H  O  M  E          
Theological, Doctrinal, and Spiritual Musing - and whatever other else is on my mind when I notice that I haven't posted in a while.
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Daniel of Doulogos Name:Daniel
Home: Winnipeg, Manitoba, Canada
About Me: I used to believe that evolution was reasonable, that homosexuality was genetic, and that people became Christians because they couldn't deal with the 'reality' that this life was all there was. I used to believe, that if there was a heaven - I could get there by being good - and I used to think I was more or less a good person. I was wrong on all counts. One day I finally had my eyes opened and I saw that I was not going to go to heaven, but that I was certainly going to suffer the wrath of God for all my sin. I saw myself as a treasonous rebel at heart - I hated God for creating me just to send me to Hell - and I was wretched beyond my own comprehension. Into this spiritual vacuum Jesus Christ came and he opened my understanding - delivering me from God's wrath into God's grace. I was "saved" as an adult, and now my life is hid in Christ. I am by no means sinless, but by God's grace I am a repenting believer - a born again Christian.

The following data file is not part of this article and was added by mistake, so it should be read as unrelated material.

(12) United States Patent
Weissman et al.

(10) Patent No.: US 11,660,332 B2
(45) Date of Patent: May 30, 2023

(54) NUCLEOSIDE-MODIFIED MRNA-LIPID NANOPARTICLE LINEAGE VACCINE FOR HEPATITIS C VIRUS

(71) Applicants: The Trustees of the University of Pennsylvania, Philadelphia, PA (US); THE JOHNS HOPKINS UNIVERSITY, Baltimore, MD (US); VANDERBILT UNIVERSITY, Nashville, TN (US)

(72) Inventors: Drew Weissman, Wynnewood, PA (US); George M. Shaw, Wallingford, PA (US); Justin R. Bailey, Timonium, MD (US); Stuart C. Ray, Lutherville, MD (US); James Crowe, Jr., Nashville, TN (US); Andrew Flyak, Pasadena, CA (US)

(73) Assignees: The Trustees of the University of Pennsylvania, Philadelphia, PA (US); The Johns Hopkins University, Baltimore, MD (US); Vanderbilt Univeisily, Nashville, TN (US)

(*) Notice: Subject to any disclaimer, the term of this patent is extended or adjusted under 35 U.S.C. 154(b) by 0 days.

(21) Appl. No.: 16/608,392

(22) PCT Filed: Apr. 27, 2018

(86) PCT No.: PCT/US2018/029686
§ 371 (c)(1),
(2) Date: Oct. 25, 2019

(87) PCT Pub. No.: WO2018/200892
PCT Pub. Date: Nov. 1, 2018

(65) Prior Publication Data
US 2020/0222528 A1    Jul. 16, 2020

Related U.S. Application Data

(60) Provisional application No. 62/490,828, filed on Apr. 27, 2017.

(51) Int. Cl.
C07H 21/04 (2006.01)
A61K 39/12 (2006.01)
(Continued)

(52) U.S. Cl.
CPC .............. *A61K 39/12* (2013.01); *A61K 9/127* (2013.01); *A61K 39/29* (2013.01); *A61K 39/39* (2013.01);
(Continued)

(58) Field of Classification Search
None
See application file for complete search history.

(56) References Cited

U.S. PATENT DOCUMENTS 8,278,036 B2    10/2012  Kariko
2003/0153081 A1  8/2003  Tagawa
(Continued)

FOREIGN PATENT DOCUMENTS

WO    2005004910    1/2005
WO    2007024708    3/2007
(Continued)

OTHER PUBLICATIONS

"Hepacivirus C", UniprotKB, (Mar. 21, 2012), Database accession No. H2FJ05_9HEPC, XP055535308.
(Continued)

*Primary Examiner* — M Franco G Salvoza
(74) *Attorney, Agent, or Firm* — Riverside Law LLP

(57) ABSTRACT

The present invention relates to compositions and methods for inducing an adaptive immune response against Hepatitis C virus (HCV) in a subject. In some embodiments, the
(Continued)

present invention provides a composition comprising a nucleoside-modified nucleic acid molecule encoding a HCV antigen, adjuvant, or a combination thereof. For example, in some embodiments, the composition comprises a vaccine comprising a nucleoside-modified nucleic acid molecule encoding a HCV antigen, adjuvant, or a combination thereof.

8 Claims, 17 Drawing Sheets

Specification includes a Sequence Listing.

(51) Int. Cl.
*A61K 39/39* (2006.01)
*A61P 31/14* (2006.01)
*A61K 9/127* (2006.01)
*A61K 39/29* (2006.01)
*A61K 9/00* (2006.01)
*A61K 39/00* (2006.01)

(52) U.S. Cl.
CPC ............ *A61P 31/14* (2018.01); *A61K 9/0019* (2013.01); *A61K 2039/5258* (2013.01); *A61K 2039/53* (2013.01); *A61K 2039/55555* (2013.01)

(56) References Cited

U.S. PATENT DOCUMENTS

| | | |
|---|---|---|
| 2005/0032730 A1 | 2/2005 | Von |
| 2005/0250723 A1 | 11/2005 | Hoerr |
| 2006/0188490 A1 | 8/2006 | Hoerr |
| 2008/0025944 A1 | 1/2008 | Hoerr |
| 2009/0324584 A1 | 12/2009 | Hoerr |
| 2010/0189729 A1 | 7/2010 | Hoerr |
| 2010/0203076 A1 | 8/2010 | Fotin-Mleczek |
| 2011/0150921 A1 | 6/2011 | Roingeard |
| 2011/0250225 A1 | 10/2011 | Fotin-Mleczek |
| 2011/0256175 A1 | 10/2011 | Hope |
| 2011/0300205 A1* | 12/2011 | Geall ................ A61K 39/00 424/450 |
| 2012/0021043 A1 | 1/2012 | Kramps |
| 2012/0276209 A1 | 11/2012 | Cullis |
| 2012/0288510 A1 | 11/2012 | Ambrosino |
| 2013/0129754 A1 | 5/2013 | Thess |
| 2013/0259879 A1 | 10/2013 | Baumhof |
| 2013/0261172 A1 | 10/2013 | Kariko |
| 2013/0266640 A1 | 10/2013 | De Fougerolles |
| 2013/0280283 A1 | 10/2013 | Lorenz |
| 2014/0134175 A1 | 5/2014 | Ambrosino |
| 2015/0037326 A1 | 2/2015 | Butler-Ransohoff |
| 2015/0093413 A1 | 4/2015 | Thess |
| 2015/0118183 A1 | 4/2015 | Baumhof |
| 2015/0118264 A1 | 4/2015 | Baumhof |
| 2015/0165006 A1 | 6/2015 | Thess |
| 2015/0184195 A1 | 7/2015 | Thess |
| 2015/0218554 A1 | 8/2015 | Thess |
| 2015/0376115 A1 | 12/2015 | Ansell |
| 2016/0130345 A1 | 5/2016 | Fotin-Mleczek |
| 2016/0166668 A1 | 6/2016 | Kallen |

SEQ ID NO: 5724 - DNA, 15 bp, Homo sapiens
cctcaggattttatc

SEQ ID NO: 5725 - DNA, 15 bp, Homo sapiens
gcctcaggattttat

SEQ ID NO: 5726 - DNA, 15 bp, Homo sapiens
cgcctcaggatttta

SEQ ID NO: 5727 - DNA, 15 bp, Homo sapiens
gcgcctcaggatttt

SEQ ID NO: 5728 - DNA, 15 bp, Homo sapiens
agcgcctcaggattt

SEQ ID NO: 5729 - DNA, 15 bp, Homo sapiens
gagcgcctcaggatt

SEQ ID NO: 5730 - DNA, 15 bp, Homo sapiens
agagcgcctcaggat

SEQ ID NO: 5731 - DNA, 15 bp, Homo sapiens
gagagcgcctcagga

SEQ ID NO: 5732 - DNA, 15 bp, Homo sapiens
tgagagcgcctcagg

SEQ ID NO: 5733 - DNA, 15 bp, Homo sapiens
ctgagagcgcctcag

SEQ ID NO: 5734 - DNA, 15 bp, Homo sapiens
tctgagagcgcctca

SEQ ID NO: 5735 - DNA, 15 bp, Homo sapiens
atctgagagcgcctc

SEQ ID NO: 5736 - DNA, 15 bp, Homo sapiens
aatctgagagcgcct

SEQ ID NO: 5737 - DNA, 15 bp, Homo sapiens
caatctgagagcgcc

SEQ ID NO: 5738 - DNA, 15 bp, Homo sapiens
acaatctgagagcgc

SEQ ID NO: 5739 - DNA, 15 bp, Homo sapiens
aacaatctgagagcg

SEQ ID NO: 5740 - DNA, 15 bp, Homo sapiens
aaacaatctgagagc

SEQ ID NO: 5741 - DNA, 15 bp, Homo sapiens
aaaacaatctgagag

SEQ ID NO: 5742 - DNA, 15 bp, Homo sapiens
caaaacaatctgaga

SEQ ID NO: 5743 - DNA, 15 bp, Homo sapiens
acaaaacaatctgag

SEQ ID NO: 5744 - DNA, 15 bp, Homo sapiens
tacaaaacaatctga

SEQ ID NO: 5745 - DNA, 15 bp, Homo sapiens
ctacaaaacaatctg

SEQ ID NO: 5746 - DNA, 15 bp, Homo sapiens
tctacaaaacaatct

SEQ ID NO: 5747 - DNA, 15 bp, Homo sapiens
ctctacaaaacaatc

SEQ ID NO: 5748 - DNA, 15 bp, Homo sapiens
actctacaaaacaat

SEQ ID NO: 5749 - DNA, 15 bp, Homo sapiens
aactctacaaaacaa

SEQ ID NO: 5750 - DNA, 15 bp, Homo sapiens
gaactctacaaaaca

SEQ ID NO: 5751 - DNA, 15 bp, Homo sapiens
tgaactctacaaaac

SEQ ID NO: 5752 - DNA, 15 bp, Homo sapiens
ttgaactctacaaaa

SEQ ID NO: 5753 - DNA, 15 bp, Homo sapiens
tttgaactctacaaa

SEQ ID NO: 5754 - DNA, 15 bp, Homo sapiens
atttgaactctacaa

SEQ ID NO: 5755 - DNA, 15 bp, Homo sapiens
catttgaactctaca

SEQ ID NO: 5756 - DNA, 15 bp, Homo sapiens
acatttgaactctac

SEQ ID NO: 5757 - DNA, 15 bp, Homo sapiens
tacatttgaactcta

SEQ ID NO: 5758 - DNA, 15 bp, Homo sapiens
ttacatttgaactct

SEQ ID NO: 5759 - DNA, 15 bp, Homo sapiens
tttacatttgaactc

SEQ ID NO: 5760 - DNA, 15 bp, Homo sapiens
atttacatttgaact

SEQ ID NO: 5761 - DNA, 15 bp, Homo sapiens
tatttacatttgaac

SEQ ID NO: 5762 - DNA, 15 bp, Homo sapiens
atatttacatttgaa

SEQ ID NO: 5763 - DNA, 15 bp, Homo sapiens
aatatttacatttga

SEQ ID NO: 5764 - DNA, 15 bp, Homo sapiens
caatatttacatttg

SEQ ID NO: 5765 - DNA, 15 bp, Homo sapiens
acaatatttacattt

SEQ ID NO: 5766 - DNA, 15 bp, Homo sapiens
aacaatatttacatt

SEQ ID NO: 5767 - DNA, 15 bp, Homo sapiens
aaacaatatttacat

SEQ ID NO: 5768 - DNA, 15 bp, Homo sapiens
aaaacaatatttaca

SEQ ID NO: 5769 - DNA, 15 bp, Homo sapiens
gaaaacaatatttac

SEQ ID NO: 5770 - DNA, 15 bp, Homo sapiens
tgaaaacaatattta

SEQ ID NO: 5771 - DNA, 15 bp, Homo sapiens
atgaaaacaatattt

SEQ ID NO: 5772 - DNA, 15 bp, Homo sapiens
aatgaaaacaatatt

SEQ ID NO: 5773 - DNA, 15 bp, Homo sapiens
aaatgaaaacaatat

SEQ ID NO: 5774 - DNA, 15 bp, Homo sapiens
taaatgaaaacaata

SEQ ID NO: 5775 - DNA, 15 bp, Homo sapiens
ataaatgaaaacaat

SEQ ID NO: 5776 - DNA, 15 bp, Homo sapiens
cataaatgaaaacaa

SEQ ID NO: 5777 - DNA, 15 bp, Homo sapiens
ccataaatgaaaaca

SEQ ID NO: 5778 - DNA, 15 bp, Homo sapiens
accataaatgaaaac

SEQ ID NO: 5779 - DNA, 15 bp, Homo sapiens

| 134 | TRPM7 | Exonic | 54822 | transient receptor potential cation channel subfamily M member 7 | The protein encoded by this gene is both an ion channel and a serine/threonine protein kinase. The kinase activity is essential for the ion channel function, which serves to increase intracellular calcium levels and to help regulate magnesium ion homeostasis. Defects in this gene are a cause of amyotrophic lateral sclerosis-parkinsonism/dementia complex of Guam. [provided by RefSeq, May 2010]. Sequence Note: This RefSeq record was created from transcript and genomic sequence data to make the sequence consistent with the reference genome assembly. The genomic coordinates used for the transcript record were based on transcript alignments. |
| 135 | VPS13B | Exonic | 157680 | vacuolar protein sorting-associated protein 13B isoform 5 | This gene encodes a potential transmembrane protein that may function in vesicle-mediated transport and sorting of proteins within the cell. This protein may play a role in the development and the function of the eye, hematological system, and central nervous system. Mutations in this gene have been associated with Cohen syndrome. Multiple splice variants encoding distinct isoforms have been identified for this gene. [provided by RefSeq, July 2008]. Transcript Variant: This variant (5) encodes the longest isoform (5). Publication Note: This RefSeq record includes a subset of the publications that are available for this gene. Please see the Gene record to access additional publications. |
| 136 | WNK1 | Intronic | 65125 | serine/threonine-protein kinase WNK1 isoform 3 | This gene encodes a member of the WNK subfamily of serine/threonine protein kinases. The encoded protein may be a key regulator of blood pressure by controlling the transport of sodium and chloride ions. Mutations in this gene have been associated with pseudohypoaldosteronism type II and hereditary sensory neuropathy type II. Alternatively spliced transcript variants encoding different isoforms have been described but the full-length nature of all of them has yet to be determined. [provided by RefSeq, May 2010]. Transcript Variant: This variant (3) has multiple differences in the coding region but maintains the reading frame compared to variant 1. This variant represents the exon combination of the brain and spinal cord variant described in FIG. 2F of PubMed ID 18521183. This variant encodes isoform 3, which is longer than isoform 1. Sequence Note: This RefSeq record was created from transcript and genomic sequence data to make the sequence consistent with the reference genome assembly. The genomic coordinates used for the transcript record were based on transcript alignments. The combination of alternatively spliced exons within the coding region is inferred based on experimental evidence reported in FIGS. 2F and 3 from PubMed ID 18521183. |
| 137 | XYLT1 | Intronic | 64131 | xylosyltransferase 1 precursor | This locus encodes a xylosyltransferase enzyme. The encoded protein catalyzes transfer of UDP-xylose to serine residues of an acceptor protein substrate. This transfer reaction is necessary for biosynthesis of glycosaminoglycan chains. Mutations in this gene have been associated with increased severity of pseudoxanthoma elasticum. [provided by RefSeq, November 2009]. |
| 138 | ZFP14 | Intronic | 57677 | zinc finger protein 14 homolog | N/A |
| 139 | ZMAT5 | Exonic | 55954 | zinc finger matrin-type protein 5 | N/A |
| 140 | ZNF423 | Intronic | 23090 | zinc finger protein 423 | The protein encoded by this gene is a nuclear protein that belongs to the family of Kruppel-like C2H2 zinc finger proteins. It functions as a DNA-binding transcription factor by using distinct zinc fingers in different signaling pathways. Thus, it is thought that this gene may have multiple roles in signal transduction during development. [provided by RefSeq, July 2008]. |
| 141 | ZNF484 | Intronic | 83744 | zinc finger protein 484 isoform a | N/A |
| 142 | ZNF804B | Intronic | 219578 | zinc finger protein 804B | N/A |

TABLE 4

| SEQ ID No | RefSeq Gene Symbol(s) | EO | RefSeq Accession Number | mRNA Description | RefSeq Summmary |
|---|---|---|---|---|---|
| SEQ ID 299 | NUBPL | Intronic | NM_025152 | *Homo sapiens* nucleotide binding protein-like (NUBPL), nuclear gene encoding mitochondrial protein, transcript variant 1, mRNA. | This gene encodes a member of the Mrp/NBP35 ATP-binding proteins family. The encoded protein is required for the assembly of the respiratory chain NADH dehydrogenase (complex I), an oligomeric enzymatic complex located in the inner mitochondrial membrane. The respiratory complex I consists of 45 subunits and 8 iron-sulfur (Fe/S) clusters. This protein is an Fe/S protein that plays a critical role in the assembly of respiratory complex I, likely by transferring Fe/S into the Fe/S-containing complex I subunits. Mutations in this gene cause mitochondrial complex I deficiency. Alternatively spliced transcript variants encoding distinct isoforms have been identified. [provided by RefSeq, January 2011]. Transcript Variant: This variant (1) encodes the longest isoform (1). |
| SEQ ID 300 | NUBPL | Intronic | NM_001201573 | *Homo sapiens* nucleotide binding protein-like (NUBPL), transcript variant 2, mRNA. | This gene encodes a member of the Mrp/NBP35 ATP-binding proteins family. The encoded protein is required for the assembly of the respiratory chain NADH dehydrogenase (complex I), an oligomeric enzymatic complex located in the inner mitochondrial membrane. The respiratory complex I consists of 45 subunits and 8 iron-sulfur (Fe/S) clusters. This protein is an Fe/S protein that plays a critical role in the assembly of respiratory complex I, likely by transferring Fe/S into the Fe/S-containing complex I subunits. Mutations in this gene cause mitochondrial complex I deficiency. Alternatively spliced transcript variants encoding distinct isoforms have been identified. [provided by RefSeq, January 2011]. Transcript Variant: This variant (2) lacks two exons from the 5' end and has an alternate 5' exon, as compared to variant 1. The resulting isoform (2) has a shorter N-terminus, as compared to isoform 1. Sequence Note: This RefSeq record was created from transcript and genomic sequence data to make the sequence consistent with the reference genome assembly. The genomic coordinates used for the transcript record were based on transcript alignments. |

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Daniel's posts are almost always pastoral and God centered. I appreciate and am challenged by them frequently. He has a great sense of humor as well.
- Marc Heinrich

His posts are either funny or challenging. He is very friendly and nice.
- Rose Cole

[He has] good posts, both the serious like this one, and the humorous like yesterday. [He is] the reason that I have restrained myself from making Canadian jokes in my posts.
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This post contains nothing that is of any use to me. What were you thinking? Anyway, it's probably the best I've read all day.
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Daniel, nicely done and much more original than Frank the Turk.
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There are some people who are smart, deep, or funny. There are not very many people that are all 3. Daniel is one of those people. His opinion, insight and humor have kept me coming back to his blog since I first visited earlier this year.
- Carla Rolfe
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Thursday, September 11, 2008
Though I think Neil said it best, there is something of a difference between the US federal election process, and the Canadian Federal Election Process.